The first female physician in the United States, Dr. Elizabeth Blackwell, would turn 196 today. In her honor, a group of physicians established February 3 as National Women Physician’s Day. Inspired by her maverick spirit (after all, how dare a woman in the mid-19th century think she could be a doctor?!) and participation in the recent Women’s March, I envision a paradigm shift when we female doctors are going to end the ignorance surrounding prenatal alcohol exposure.
As a pioneer in medicine who graduated medical school in 1849, Dr. Blackwell may well have been at the forefront of the Temperance Movement, which occurred in the late 1800’s to early 1900’s. At that time, medical doctors understood the devastating effects of alcohol on reproductive outcomes, low birth weight, prematurity, child/family mental health, and infant/child morbidity and mortality. Public health statistics abounded, fueling the fire for Prohibition in 1920. What a pity we lost all that knowledge after its repeal in 1933.
At that time in history, mostly men called the shots in society because they were the main holders of wisdom in science. Professional papers were written, published in high brow journals, read by a handful of intellectuals and scientists, then put on shelves to collect dust. There was no Internet for information sharing. If one did not make it to college, medical school, or professional school (i.e., law school, doctorate programs, etc.), then most scientific advancements and knowledge about medical matters were hidden within academic institutions.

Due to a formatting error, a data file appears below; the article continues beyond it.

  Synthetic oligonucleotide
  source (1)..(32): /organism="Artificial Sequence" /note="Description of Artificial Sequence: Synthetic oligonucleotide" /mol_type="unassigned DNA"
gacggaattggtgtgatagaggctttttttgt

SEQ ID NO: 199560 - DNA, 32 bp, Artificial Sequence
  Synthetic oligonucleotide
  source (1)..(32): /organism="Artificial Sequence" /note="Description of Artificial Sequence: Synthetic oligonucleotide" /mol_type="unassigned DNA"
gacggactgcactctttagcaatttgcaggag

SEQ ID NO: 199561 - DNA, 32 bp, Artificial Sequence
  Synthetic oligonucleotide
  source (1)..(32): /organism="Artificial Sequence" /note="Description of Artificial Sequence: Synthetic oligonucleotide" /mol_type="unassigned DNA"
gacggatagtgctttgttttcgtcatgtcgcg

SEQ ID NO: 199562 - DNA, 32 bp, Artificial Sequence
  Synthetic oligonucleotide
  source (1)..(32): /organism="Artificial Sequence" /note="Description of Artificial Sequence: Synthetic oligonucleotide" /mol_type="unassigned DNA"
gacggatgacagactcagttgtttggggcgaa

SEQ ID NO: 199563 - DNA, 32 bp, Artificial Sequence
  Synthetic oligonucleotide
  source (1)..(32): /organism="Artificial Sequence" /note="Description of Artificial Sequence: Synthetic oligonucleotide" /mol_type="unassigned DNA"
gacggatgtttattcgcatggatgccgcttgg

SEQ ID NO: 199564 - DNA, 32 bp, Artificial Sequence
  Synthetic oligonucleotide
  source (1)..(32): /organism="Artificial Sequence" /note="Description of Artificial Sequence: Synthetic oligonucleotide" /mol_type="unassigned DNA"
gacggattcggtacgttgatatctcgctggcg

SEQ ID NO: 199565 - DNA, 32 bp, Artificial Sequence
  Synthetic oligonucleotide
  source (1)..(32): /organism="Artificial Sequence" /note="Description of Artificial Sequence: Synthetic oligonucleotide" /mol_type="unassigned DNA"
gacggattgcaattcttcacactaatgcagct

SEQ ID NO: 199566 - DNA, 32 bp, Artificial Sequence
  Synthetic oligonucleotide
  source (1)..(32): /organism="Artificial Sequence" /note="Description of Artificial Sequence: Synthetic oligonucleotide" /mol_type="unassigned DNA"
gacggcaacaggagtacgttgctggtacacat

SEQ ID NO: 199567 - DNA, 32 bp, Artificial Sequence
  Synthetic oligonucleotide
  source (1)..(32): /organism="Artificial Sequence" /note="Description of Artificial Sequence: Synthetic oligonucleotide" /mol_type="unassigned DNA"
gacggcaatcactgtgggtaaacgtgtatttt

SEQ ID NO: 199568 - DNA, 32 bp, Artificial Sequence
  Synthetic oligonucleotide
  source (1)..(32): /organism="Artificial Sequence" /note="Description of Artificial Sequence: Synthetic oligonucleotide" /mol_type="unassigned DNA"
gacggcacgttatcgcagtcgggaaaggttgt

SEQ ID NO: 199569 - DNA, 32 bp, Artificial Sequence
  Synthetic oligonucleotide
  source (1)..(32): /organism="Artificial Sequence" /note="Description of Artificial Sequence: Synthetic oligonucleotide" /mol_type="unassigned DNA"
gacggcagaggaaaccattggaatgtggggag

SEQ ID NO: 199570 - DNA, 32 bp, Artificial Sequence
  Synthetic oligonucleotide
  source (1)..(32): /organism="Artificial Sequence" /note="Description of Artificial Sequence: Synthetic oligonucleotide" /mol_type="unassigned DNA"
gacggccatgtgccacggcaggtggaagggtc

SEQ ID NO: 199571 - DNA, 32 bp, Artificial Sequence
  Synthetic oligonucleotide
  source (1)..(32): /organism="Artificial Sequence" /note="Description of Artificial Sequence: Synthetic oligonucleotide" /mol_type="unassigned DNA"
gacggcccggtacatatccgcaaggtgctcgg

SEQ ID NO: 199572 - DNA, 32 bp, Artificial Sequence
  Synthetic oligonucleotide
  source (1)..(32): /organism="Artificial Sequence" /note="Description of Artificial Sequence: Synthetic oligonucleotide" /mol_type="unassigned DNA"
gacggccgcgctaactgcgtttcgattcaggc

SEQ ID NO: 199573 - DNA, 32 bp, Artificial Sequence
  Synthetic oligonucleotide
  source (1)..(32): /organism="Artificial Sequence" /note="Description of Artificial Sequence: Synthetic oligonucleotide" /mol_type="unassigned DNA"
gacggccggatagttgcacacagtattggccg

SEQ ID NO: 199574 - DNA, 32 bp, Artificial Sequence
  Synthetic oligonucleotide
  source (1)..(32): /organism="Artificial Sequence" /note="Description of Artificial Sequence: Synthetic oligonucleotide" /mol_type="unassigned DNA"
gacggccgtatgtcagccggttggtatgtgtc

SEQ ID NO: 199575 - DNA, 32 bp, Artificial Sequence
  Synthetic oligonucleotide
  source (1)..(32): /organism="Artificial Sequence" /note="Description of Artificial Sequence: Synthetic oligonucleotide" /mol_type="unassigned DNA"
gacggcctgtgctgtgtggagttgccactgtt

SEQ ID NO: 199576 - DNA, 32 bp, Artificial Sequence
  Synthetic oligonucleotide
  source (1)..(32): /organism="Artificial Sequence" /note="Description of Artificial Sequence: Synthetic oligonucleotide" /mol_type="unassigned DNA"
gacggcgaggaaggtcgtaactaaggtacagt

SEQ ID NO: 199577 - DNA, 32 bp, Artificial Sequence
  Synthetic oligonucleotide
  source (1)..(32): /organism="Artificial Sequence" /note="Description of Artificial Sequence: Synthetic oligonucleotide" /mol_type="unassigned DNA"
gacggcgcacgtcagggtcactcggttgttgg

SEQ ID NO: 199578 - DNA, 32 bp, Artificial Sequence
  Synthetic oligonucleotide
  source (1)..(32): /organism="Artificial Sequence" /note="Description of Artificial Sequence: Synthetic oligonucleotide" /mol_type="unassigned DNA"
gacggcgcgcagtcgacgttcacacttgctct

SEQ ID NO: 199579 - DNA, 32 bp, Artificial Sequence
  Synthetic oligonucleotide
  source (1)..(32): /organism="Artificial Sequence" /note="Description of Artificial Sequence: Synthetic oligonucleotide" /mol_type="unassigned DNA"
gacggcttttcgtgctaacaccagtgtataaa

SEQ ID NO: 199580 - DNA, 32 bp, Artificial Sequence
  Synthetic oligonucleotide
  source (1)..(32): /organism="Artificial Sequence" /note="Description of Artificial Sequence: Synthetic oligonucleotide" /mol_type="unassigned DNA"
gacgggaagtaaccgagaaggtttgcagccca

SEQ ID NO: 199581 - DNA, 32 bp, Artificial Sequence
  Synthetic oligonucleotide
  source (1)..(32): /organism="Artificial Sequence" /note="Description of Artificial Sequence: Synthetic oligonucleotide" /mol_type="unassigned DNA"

Today, only those of us motivated, bright, and resourceful can endure the rigors of 4 years of college, another 4 years of medical school, and another 3-6 years of residency in our desired field. In many ways, our knowledge is as hidden from plain site as ever. One of the key areas of my interest has been in raising awareness about the leading known and preventable cause of neurodevelopmental disorders, birth defects, and developmental delays – which can occur as early as the third week after conception. Since this time frame is often before a woman may know she is pregnant, our society can and must do more to encourage sexually active alcohol consumers to contracept to avoid unintentional exposure of their offspring.
It is my hope to help childbearing age alcohol consumers understand that they should stop using alcohol if pregnant or planning a pregnancy and to use contraception until they have stopped using alcohol. Their partners should support them in this effort – after all, it takes sperm 3 months to develop, and alcohol methylates the sperm DNA. These methylation effects last for several generations, passing silently through the genome into unsuspecting offspring.
Theodore Geisel, also known as Dr. Seuss, once wrote – “Unless someone like you cares a whole awful lot, nothing’s going to get better, it’s not!” Unless we speak up about what we know about prenatal alcohol exposure happening early in pregnancy so the lay public understands, people will not hear our message. As a change agent and spirit sister of Dr. Elizabeth Blackwell, I am determined to get this message across.
Susan D. Rich, MD, MPH, DFAPA